Quick facts about Huong Su Phi
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Geography: Hoang Su Phi is a remote district in the mountainous province of Ha Giang in North Vietnam
Population: 58,000 people
Climate: Temperature ranges from 35-28°C in the summer to 6-8°C in winter
Ethnicity: 11 ethnic minority groups make up over 75% of the population – the primary ones are the H’mong, the Tay, the Dao and the Nung
Water: Open or drilled wells without filter systems
Transportation: Primarily walking
Education in the communities is divided into three areas: preschool, primary school, and secondary school. Most of the preschools located in the villages are in poor condition. With few toys and learning material, enrollment rates are very low. Of the 40 preschool classrooms in use, only 19 are in adequate condition.
There is a primary school located in most communities, as well as some satellite schools and informal pre-schools in the villages. The majority of teachers in these schools have a college degree, but they have limited knowledge in quality teaching methods and require refresher training courses. Very few of the schools have adequate hygienic sanitation facilities and/or a safe water supply.
The secondary schools in the region are in slightly better condition. The main challenge is the lack of boarding facilities for students who live in more remote areas and cannot attend school because of the distance and safety concerns.
Absenteeism is common and the dropout rate is pervasive throughout the education system. The language of instruction is Vietnamese; however, ethnic minority families speak little Vietnamese at home, putting younger children at a disadvantage when it comes to formal education.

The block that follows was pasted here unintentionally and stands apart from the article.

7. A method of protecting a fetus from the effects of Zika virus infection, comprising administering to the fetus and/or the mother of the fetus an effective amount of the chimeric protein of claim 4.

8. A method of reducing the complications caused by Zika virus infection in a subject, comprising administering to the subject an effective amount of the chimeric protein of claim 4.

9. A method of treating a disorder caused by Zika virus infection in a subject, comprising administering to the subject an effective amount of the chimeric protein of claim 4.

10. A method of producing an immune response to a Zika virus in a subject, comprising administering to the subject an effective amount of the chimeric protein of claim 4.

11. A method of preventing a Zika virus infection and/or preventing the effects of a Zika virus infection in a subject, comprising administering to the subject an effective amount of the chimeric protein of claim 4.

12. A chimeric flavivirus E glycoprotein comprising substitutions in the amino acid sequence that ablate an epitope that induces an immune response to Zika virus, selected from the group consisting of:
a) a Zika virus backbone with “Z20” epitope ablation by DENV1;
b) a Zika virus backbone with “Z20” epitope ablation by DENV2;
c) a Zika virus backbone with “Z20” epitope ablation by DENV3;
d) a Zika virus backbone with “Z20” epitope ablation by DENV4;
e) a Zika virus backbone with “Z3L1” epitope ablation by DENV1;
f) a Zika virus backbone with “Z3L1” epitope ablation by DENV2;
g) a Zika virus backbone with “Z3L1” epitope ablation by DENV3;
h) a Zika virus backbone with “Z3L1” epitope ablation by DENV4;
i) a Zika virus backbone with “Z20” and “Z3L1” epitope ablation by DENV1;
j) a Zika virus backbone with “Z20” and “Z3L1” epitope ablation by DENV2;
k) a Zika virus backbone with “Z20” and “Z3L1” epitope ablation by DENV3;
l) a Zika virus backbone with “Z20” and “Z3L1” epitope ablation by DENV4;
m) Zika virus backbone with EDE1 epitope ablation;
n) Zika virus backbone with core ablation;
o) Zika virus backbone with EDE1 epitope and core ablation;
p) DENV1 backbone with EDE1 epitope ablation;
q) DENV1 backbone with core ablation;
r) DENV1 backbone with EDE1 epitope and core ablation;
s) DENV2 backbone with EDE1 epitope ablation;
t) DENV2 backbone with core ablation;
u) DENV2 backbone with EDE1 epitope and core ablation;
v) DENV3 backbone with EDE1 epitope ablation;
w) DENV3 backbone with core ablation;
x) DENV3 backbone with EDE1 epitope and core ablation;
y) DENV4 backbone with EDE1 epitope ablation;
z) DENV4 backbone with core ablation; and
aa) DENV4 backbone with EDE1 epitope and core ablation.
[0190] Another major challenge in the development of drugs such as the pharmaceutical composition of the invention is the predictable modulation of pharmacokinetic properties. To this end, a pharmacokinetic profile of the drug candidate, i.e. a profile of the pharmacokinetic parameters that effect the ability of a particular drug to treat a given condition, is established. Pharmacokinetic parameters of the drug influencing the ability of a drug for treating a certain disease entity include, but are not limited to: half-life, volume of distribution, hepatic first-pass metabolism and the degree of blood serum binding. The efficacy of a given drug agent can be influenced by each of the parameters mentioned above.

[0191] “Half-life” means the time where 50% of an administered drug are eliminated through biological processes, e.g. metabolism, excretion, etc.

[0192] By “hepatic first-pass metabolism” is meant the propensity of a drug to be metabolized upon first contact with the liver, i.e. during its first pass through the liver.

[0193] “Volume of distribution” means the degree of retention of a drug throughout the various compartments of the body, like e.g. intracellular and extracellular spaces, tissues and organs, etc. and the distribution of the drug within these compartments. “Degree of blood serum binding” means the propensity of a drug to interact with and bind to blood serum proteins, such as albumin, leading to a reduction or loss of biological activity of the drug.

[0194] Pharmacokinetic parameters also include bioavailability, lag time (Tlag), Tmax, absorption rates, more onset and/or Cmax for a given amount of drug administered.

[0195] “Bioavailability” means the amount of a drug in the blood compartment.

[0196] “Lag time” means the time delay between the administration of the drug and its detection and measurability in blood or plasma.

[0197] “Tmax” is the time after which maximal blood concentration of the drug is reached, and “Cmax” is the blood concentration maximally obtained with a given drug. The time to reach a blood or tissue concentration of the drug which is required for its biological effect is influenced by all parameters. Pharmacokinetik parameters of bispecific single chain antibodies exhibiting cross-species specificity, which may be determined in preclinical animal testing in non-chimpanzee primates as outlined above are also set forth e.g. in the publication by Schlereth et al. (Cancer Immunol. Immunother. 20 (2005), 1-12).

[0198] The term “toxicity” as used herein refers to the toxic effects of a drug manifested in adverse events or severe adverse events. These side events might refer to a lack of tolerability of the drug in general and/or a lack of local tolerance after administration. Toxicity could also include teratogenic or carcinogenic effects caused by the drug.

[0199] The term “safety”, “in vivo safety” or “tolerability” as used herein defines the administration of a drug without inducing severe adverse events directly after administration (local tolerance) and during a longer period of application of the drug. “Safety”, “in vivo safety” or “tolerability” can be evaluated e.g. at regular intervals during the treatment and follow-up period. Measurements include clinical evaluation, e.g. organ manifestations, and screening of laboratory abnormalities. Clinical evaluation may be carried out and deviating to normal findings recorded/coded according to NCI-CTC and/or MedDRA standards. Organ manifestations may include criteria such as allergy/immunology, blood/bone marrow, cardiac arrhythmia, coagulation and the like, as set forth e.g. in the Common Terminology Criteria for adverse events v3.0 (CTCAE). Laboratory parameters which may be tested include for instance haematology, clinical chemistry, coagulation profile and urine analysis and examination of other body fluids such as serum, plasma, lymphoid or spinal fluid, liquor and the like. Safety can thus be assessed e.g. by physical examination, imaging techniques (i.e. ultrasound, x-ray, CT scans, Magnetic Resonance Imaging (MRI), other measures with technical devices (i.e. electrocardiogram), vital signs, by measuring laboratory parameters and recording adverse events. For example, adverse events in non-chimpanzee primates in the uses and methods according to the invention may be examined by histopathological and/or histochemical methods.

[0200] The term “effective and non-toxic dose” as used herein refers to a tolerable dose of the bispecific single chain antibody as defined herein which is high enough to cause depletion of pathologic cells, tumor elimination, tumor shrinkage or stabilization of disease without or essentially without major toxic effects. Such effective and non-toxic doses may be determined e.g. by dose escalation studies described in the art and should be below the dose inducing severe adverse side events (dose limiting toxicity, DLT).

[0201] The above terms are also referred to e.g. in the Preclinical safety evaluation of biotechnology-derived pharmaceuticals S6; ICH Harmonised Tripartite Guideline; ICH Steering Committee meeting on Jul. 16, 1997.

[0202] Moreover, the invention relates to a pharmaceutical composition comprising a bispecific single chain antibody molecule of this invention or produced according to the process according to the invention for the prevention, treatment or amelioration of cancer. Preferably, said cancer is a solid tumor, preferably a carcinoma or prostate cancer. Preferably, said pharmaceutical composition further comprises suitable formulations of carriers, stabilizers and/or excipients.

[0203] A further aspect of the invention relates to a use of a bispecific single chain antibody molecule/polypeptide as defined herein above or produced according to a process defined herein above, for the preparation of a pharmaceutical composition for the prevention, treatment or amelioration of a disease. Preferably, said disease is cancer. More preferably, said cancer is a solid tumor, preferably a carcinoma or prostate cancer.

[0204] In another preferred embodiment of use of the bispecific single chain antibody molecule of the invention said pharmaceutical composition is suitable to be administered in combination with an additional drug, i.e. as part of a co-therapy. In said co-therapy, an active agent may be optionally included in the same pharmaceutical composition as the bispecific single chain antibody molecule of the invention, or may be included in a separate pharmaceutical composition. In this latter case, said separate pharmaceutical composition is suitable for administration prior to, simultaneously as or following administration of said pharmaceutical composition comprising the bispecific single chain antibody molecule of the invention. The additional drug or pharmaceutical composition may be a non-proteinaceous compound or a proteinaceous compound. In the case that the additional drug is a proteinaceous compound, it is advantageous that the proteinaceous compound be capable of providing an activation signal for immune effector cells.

Most communities have a health clinic, but because of the isolated living conditions, many families in Hoang Su Phi cannot access medical services.
Equipment is outdated, medical supplies are inadequate, and the centres are in serious need of repair. Last year, only 16% of births took place in a health clinic, the rest were delivered at home. Malnutrition among children is widespread and only 60% of children have been fully vaccinated.
Although surface water supply is available year-round, untreated and contaminated water remains a concern. Only half of all households have a water tank and just one-quarter have a household latrine. As a result, intestinal diseases are common, especially among children.
The majority of the 58,000 people living in Hoang Su Phi make their living from crop farming and livestock. As cultivation is highly dependant on rain water, in periods of drought, locally produced food is insufficient to meet basic needs. Average household income is extremely low at $0.50 USD per day.
Since water is untreated, contamination remains a concern. Only half of all households have a water tank and just one-quarter have a household latrine. As a result, intestinal diseases are common, especially among children.